Imagine every football movie, throw in every cliché to the max, and you have this film, about a small Texas town obsessed with high school football and how the backup quarterback (James van der Beek) rises to fame after the starting quarterback (Paul Walker) goes down with an injury in large part to his egotistical coach's (Jon Voight) poor decision making. The characters are caricatures, not really well developed and overacted to the extreme, especially by Voight in a scene-chewing, though admittedly enjoyable, performance. Half of the actors look ten years out of high school but they are still playing high school students. You can pretty much call every scene in the movie from beginning to end, but for some odd reason, you still end up liking the ride for the most part. It's fluff entertainment that does not have any interest in being anything more than that, but as long as you are okay with that, it's an alright film.
Coach Bud Kilmer: Your daddy was a no-talent pussy, but at least he listened!
"Make your own rules."
I had seen this movie over the course of the last five years, but never as a whole. I had always seen parts of it here and there on television, but before I had watched it as a whole, I had only known the movie in clips. It's a fairly standard high school film. It's overly melodramatic and each and every character or plot development is completely overplayed to the point where the cliches are flying at you from the screen. Varsity Blues feels so amateurish, it's ridiculous. It's poorly acted, written, and directed; settling for just the standard plot and characters that go along with lazy, unoriginal high school movies.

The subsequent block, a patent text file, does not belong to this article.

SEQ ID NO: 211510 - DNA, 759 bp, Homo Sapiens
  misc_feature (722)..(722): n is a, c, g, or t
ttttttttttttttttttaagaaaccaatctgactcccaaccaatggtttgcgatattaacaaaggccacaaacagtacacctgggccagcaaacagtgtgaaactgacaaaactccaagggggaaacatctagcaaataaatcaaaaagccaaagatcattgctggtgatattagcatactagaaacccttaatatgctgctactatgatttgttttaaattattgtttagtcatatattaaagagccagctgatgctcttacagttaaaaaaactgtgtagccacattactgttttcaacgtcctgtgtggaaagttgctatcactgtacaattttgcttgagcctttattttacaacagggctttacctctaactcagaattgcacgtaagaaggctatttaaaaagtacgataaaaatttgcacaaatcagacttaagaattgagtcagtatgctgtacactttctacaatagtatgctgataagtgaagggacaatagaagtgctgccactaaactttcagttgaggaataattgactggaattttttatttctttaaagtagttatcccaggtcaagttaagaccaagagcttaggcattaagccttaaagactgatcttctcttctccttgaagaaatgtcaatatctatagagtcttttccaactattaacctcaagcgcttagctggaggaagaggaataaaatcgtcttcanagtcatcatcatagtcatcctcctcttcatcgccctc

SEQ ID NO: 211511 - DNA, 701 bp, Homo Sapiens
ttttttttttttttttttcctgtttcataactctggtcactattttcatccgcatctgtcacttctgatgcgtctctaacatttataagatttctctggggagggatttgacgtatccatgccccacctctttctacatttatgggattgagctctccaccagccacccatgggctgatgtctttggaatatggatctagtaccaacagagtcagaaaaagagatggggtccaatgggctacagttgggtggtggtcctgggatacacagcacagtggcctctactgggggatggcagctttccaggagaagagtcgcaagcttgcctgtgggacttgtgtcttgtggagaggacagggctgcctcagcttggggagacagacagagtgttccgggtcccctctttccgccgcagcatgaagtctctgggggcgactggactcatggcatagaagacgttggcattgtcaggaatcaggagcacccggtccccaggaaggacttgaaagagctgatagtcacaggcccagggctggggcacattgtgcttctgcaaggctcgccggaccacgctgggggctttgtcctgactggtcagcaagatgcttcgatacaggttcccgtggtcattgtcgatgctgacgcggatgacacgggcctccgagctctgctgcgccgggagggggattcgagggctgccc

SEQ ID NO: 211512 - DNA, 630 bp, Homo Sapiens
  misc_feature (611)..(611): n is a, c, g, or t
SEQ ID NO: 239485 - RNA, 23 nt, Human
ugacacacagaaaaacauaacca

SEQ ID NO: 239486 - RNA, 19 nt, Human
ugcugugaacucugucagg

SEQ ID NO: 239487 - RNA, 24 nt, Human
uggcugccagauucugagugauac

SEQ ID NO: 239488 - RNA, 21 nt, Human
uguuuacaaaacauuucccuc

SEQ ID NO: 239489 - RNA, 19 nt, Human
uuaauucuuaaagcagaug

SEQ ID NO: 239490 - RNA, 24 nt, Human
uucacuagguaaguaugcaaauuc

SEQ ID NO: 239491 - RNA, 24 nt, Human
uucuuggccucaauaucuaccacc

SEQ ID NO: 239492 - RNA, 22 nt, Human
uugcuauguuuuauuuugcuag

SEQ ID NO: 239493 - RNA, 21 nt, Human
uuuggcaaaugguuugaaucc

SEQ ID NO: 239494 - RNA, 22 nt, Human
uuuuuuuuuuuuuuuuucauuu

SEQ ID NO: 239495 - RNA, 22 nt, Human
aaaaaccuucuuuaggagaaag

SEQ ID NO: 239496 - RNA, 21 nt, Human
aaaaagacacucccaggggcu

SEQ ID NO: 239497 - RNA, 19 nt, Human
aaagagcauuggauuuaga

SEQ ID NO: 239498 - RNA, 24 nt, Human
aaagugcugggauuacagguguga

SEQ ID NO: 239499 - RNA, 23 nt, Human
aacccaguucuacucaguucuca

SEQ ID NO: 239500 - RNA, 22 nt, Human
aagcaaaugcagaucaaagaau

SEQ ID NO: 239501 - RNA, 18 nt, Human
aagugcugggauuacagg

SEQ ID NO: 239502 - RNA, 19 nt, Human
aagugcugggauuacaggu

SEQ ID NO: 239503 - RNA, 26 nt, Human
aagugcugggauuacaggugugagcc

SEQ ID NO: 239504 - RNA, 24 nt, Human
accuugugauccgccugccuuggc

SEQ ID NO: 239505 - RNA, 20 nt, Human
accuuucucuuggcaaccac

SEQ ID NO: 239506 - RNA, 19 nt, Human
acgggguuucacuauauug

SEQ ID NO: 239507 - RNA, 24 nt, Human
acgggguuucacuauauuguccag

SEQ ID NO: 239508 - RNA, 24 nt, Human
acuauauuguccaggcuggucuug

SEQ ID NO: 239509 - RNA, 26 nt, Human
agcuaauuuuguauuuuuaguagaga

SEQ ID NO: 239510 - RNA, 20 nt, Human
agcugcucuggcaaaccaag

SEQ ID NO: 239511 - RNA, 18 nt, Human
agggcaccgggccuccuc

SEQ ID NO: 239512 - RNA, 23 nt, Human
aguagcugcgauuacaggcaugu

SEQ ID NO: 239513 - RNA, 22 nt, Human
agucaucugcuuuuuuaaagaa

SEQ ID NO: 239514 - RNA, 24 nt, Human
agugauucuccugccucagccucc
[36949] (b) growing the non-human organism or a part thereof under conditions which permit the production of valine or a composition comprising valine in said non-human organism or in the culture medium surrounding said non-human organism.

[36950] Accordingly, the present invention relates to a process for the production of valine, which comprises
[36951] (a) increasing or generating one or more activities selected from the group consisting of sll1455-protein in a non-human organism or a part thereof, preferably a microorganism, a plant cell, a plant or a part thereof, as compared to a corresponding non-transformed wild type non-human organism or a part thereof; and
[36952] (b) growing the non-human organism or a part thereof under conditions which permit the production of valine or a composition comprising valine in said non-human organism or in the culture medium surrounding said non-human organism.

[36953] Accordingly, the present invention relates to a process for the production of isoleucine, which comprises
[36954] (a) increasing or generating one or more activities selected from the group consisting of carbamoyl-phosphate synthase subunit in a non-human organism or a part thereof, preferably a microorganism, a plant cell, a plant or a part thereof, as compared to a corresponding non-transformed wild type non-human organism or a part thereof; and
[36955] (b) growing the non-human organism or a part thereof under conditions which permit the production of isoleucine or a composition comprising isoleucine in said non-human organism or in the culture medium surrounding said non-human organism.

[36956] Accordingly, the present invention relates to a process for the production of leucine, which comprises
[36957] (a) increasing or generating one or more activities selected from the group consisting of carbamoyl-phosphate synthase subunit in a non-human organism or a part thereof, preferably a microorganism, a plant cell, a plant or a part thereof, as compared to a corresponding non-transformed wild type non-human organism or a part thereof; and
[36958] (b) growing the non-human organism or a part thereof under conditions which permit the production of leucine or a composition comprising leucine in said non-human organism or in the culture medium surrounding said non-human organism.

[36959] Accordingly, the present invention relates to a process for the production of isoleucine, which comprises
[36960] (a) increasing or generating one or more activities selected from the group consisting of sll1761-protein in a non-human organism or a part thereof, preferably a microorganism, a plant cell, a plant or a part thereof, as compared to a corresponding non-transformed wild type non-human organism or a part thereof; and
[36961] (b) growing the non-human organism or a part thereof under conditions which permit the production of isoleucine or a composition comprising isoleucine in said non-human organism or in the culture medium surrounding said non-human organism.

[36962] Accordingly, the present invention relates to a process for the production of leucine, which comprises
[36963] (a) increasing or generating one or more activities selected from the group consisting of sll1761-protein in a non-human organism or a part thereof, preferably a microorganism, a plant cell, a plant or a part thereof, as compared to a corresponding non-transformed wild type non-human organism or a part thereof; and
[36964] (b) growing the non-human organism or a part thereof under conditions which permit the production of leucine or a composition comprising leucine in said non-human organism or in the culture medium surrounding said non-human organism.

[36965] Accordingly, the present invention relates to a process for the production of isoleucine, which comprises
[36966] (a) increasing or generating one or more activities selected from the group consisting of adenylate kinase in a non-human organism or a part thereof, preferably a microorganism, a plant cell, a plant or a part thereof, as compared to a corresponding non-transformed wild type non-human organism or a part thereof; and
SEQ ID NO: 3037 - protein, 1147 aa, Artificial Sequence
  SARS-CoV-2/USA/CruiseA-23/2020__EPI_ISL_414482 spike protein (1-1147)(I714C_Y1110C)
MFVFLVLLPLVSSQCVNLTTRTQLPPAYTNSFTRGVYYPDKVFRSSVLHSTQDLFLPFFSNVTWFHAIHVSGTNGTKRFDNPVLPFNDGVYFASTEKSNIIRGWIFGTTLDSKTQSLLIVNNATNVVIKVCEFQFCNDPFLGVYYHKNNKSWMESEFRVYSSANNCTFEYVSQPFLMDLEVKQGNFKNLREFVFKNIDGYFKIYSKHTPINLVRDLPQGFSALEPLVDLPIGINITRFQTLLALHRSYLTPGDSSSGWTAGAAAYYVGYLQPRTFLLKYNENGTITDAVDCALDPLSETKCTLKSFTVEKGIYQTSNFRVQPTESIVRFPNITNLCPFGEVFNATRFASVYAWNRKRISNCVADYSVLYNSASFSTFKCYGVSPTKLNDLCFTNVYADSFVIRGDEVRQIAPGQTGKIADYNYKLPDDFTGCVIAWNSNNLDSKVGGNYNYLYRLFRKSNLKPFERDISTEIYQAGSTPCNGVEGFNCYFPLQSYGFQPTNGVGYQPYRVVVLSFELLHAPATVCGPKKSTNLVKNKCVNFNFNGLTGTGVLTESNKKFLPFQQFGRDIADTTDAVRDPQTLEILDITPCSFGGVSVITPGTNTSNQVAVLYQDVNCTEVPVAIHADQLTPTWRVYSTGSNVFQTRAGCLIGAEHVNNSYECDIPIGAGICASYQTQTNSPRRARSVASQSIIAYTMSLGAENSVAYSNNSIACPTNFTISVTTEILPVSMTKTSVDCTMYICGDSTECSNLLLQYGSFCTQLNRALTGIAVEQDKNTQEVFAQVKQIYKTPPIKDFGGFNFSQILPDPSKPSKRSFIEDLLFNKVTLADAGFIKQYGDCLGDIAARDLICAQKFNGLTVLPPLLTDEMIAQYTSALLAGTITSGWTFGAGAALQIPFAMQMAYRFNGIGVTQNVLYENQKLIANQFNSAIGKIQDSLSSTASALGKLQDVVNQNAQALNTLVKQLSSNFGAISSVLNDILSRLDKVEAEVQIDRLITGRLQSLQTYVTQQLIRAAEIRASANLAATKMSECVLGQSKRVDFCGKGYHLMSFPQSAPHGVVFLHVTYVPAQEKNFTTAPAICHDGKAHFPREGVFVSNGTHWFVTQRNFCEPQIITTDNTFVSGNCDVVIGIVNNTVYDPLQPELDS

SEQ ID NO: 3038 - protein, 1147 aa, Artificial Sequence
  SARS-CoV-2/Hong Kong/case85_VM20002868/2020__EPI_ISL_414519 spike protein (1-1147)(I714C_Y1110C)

In Texas, football is everything. Kids are taught from a young age to give all they have to the game, even if they don't really want to. Mox is the backup quarterback to an all-state god. When the starter is injured and can't play anymore, Mox is forced to step into the starters shoes and take over the team. His coach, Bud Kilmer is a local god, but only the players really know what he is like. He doesn't actually care about his players, only his résumé.
I really dislike this movie, despite its easy to watch nature. The only reason it's so easy to watch, comes from the fact that there is a certain amount of enjoyment in watching a film that is so unsubtle and poorly executed. There isn't really a level that the movie actually succeeds on. It's all just incredibly horrible.
This isn't a movie of the caliber of Friday Night Lights. All it is, is another stereotypical, cliche, and insultingly stupid take on high school football and the players who play. Could the movie have been worse? Probably, but not much worse. I would suggest skipping this one. No matter how much you like high school movies or how much you like sports movies or any combination of the two; Varsity Blues is absolutely not worth your time.